What's in the muscle? Cutaneous Omobrachialis!

I am taking a small detour from the neck, as I got many questions about a specific muscle line in the area of the horse’s shoulder. As such, today’s spotlight is for the:

Cutaneous Omobrachialis The Cutaneous group are the most superficial muscles in the horse’s body. In most anatomy books, not much importance or explanation is given on this muscle grouping. Although mainly considered as fly deterrants, certain cutaneous muscles also assist and provide mechanical functions. For example, the cutaneous coli seems to acts as part of the thoracic sling upon landing – for example during jumps or working down hill. The Cutaenous Coli can be recruited to draw the hind limb forward in case of hind limb – especially stifle – weakness.


The Cutaneous Omobrachialis is located on the lateral surface of the horse’s shoulder and forearm and is often confused as being a ‘fascial line’. However, dissections have taught me that in fact it really should be classified as a separate muscle. Interestingly, there is quite some variation in exact shape or size of this muscle in individual horses.

Despite being a superficial muscle, the Cutaneous Omobrachialis should not be visible from the outside. So why does it pop up in so many horses?

Although there isn’t a definite one-on-one reason / explanation, the most common connections I have seen are two-fold: 1. Shoulder issues / tightness. Most of the time, the lining of the Omobrachialis is combined with a dip in front of the whither, or muscle imbalances in the shoulder area including Biceps, Triceps (Elbow issues!), Deltoid, Iinfraspinatus, Supraspinatus and/or Terres Minor. I also find it quite commonly in horses with a recessed ribcage or sternum issues. When there is a primary weakness, the Cutaneous Omobrachialis can be recruited to assist in shoulder mechanics as a means of compensation.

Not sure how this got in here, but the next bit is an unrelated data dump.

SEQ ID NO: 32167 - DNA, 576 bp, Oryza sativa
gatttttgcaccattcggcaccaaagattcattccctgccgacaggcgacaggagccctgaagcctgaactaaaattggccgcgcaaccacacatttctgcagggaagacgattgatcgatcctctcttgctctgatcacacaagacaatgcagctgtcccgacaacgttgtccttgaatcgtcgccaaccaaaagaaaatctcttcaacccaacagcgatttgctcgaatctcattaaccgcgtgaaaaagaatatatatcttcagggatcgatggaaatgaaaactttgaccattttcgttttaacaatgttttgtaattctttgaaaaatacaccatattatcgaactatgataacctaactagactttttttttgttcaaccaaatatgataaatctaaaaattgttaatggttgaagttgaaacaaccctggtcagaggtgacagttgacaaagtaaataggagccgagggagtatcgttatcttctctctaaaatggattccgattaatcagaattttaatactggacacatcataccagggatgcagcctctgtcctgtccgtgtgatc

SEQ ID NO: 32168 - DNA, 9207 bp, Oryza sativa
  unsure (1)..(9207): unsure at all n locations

2. Neurological sensitivity. The skin is a highly innervated organ and some horses are very sensitive to the lightest sensory stimulus. In some cases it could be a seasonal phenomenon - in which case it would have to disappear upon winter. 3. Personal signature. Every horse is different. Hence, these lines can be like identification markers creating their own personal signature. However, in order to come to this conclusion it must be certain that explanations 1-2 can be ruled out - in my personal experience these often still prevail.


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Classical Horse Training

by Thirza Hendriks

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